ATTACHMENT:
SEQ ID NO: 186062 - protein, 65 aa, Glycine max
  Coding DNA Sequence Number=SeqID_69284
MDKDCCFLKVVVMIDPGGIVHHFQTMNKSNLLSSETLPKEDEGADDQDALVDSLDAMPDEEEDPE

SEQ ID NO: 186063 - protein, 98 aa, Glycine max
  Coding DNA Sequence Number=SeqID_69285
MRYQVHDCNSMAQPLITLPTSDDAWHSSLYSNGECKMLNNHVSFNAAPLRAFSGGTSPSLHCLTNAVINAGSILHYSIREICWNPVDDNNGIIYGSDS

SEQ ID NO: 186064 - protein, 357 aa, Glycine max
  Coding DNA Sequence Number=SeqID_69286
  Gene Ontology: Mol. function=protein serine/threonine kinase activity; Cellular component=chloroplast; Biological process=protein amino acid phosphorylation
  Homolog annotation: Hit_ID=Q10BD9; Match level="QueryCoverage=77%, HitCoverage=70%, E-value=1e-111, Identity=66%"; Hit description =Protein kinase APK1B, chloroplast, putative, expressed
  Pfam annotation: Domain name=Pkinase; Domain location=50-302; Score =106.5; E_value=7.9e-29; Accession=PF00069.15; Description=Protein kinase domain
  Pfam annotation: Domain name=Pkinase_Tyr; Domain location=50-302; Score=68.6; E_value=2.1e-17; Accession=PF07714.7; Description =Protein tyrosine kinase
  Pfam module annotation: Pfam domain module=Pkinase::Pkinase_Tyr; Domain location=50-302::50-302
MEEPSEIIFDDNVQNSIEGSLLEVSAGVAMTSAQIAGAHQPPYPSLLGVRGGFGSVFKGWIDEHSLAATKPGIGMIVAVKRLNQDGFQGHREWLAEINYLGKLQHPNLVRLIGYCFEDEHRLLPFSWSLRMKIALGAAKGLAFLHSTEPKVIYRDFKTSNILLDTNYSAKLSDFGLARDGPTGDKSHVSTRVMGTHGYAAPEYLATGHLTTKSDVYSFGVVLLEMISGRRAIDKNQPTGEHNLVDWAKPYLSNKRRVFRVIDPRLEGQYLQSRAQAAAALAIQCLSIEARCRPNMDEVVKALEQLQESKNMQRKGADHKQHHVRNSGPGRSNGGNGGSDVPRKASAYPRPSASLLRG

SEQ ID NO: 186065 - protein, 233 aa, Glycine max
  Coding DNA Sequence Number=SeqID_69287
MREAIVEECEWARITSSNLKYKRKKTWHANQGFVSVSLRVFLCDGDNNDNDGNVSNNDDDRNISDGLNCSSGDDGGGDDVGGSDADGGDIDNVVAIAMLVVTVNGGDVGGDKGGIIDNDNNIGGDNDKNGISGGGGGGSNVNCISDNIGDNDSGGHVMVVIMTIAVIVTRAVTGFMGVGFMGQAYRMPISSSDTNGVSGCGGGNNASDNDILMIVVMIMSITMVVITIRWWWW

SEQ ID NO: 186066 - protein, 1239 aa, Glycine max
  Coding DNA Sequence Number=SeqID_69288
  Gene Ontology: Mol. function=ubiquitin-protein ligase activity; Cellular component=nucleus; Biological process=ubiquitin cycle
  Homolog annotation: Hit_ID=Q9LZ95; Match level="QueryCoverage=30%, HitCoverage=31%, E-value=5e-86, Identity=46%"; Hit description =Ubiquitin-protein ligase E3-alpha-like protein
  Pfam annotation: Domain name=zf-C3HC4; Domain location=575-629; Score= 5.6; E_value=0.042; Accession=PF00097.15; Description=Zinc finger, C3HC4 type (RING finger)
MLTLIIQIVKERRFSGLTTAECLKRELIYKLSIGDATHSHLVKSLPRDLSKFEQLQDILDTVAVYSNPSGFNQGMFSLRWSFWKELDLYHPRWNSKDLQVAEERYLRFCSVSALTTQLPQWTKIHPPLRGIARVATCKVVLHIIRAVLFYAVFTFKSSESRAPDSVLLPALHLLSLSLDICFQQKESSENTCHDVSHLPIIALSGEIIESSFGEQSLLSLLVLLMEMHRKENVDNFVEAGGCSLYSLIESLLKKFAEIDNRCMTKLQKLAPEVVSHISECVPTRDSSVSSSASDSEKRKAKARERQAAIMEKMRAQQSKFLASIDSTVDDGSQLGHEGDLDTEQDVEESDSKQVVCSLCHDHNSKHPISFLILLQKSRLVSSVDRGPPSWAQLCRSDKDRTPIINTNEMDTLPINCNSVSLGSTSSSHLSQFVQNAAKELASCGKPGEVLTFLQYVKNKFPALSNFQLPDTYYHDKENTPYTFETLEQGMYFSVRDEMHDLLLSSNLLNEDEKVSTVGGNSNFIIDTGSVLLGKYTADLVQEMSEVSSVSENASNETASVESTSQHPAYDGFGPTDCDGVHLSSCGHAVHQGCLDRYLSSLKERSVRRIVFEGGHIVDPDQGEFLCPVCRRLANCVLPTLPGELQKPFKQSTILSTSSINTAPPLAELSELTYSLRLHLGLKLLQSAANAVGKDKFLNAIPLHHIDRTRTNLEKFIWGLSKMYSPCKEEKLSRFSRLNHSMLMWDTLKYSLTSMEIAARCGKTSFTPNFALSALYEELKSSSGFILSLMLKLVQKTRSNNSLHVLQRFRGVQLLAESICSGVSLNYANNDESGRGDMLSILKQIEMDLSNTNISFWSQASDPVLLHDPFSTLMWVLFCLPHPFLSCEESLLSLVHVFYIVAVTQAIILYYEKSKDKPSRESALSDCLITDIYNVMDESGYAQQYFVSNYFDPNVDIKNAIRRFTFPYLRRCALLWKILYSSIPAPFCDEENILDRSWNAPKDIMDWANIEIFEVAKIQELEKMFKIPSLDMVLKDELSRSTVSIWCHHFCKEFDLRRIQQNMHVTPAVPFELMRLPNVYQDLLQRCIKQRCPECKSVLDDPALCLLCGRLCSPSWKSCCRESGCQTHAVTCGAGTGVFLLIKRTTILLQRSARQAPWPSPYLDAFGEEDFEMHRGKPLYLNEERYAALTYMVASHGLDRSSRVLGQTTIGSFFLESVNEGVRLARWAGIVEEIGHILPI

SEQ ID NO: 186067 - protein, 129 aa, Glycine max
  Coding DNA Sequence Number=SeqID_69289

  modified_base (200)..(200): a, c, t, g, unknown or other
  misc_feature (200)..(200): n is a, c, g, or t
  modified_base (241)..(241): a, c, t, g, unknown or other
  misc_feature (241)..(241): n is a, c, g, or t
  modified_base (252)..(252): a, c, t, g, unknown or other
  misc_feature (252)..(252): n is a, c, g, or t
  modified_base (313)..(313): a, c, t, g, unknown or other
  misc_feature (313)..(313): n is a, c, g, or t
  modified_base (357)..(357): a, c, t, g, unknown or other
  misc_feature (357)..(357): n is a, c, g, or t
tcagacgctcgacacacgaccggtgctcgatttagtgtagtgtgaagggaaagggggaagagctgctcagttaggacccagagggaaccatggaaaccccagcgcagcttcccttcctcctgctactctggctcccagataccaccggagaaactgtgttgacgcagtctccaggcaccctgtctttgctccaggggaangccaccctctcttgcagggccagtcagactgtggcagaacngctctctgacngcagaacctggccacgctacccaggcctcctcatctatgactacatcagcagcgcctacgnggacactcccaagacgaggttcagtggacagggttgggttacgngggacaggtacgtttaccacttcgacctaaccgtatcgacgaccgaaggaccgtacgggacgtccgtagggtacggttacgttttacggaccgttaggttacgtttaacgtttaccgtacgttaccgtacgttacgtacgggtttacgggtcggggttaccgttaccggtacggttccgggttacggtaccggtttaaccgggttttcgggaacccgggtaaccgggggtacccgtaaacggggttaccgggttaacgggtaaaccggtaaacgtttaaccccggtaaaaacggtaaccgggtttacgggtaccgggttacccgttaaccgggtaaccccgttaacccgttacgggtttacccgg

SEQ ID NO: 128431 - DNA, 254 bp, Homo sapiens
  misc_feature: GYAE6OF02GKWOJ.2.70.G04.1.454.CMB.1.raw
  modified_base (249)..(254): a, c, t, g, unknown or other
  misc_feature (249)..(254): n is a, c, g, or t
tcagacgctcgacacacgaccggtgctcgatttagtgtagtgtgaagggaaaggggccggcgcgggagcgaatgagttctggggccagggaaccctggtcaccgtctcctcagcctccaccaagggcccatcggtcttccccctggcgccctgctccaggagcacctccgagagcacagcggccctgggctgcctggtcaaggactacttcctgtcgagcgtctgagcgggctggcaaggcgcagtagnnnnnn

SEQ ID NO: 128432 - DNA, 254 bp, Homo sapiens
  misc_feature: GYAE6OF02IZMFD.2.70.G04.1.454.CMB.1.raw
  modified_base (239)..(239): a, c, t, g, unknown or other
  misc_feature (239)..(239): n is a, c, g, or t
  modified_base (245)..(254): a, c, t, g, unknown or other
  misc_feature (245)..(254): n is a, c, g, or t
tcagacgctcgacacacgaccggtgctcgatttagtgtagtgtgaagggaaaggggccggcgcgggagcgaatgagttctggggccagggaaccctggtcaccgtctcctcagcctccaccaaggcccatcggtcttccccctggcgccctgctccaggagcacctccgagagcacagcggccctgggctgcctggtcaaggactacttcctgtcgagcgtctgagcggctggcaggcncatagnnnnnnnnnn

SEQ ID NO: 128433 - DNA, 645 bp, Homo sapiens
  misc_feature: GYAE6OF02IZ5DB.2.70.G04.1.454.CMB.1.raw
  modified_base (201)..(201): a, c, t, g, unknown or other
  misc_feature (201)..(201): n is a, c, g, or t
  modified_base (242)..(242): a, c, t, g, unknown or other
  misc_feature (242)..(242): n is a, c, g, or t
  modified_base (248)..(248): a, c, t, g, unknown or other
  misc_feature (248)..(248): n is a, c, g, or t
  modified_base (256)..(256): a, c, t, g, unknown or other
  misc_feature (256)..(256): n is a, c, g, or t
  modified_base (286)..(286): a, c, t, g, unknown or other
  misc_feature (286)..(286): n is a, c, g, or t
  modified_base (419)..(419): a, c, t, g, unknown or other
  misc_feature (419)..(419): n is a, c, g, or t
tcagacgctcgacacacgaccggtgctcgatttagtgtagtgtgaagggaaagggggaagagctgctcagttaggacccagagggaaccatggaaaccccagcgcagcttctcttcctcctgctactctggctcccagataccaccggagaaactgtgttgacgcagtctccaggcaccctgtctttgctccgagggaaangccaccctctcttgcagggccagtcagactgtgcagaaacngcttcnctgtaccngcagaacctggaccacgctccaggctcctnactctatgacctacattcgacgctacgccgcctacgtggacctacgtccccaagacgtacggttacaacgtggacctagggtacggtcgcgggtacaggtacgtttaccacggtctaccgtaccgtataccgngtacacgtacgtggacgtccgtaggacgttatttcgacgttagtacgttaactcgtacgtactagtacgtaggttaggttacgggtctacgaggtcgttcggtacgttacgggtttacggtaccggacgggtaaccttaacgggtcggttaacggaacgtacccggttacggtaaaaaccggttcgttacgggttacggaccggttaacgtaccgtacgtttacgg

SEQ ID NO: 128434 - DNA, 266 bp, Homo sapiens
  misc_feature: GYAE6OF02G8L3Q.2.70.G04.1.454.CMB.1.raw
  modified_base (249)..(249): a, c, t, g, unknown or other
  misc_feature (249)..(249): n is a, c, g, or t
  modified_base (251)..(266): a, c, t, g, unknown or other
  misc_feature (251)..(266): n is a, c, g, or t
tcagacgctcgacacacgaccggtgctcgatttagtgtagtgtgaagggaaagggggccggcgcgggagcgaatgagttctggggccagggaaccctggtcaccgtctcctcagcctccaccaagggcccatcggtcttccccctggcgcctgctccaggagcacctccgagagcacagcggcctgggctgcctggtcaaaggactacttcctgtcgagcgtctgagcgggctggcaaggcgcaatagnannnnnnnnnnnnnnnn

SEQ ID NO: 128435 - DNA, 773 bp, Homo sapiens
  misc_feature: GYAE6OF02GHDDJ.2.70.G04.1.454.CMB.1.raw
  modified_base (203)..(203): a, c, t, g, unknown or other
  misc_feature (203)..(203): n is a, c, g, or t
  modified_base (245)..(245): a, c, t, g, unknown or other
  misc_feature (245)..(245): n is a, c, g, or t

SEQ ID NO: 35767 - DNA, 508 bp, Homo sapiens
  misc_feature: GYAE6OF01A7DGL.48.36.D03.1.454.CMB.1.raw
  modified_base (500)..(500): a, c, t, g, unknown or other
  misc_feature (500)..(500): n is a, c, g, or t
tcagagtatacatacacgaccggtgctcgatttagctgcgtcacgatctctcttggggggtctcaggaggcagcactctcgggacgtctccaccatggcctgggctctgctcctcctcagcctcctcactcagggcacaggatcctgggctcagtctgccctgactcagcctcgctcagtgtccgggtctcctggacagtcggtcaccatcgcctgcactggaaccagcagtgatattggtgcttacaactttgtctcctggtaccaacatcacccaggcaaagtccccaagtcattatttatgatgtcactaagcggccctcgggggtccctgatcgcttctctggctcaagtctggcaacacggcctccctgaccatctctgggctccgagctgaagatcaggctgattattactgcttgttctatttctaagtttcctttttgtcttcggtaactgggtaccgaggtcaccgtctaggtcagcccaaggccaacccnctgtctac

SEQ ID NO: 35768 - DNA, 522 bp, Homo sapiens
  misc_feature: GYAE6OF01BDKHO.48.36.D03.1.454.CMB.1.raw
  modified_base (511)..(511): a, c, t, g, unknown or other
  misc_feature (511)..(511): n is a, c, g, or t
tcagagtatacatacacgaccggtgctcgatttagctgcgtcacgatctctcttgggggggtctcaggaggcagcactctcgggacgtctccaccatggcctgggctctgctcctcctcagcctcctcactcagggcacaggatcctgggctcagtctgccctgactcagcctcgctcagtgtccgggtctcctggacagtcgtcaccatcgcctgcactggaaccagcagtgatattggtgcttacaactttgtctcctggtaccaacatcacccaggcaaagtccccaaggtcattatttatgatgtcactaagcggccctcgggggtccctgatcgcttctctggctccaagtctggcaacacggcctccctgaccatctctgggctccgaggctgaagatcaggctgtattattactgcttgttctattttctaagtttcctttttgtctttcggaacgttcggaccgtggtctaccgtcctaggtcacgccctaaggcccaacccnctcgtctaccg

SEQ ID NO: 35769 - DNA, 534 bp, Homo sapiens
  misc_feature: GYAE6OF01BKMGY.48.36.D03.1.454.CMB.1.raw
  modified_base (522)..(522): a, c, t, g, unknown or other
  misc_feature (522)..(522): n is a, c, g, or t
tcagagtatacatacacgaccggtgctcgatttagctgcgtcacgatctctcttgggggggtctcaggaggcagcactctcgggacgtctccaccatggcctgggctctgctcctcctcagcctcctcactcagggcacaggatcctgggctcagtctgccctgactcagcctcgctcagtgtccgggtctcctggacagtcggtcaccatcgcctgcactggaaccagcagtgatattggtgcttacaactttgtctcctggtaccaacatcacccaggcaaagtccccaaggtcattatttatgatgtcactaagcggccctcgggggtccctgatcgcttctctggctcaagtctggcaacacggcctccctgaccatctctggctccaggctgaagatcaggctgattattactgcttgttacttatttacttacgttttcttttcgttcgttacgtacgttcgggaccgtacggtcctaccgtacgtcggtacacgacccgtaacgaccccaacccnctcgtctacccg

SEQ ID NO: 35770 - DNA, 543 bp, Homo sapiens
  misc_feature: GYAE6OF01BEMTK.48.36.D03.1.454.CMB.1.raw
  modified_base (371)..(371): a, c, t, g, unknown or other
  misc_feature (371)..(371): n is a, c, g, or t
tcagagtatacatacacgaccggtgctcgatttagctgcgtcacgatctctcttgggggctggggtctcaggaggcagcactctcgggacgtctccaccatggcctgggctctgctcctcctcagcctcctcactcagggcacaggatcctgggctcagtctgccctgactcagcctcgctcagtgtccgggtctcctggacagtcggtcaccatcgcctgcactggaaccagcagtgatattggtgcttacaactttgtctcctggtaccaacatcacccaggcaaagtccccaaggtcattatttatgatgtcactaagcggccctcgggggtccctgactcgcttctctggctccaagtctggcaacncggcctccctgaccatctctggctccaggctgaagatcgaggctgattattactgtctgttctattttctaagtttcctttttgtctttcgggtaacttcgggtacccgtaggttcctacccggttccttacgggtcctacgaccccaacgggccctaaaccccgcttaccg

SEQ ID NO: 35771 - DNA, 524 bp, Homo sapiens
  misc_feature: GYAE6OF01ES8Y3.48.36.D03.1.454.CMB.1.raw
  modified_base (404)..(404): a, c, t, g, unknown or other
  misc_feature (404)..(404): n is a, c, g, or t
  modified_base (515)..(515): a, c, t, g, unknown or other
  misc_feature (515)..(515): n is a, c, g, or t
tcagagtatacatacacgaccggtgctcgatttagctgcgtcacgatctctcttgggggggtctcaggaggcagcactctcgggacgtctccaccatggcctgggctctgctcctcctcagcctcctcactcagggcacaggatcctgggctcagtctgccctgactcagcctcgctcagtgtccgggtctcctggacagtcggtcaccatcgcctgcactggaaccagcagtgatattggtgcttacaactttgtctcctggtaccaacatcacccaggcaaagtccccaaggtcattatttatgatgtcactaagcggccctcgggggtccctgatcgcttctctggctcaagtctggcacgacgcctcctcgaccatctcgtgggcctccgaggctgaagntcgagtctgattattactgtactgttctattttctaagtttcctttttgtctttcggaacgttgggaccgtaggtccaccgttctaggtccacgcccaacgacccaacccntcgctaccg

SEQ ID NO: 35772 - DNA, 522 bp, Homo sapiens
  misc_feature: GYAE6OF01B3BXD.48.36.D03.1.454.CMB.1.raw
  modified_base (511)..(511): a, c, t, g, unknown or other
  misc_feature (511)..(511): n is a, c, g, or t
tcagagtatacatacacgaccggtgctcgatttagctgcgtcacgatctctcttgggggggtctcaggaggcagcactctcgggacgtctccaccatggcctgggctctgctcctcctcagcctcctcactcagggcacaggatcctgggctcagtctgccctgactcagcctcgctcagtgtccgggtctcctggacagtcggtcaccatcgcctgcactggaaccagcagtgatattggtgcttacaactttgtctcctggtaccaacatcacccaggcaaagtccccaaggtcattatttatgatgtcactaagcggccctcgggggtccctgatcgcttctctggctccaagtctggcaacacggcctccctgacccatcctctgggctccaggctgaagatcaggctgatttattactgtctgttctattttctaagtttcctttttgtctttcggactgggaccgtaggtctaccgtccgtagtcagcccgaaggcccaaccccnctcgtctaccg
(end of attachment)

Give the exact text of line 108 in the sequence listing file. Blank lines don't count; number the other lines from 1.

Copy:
tcagagtatacatacacgaccggtgctcgatttagctgcgtcacgatctctcttgggggggtctcaggaggcagcactctcgggacgtctccaccatggcctgggctctgctcctcctcagcctcctcactcagggcacaggatcctgggctcagtctgccctgactcagcctcgctcagtgtccgggtctcctggacagtcggtcaccatcgcctgcactggaaccagcagtgatattggtgcttacaactttgtctcctggtaccaacatcacccaggcaaagtccccaaggtcattatttatgatgtcactaagcggccctcgggggtccctgatcgcttctctggctccaagtctggcaacacggcctccctgacccatcctctgggctccaggctgaagatcaggctgatttattactgtctgttctattttctaagtttcctttttgtctttcggactgggaccgtaggtctaccgtccgtagtcagcccgaaggcccaaccccnctcgtctaccg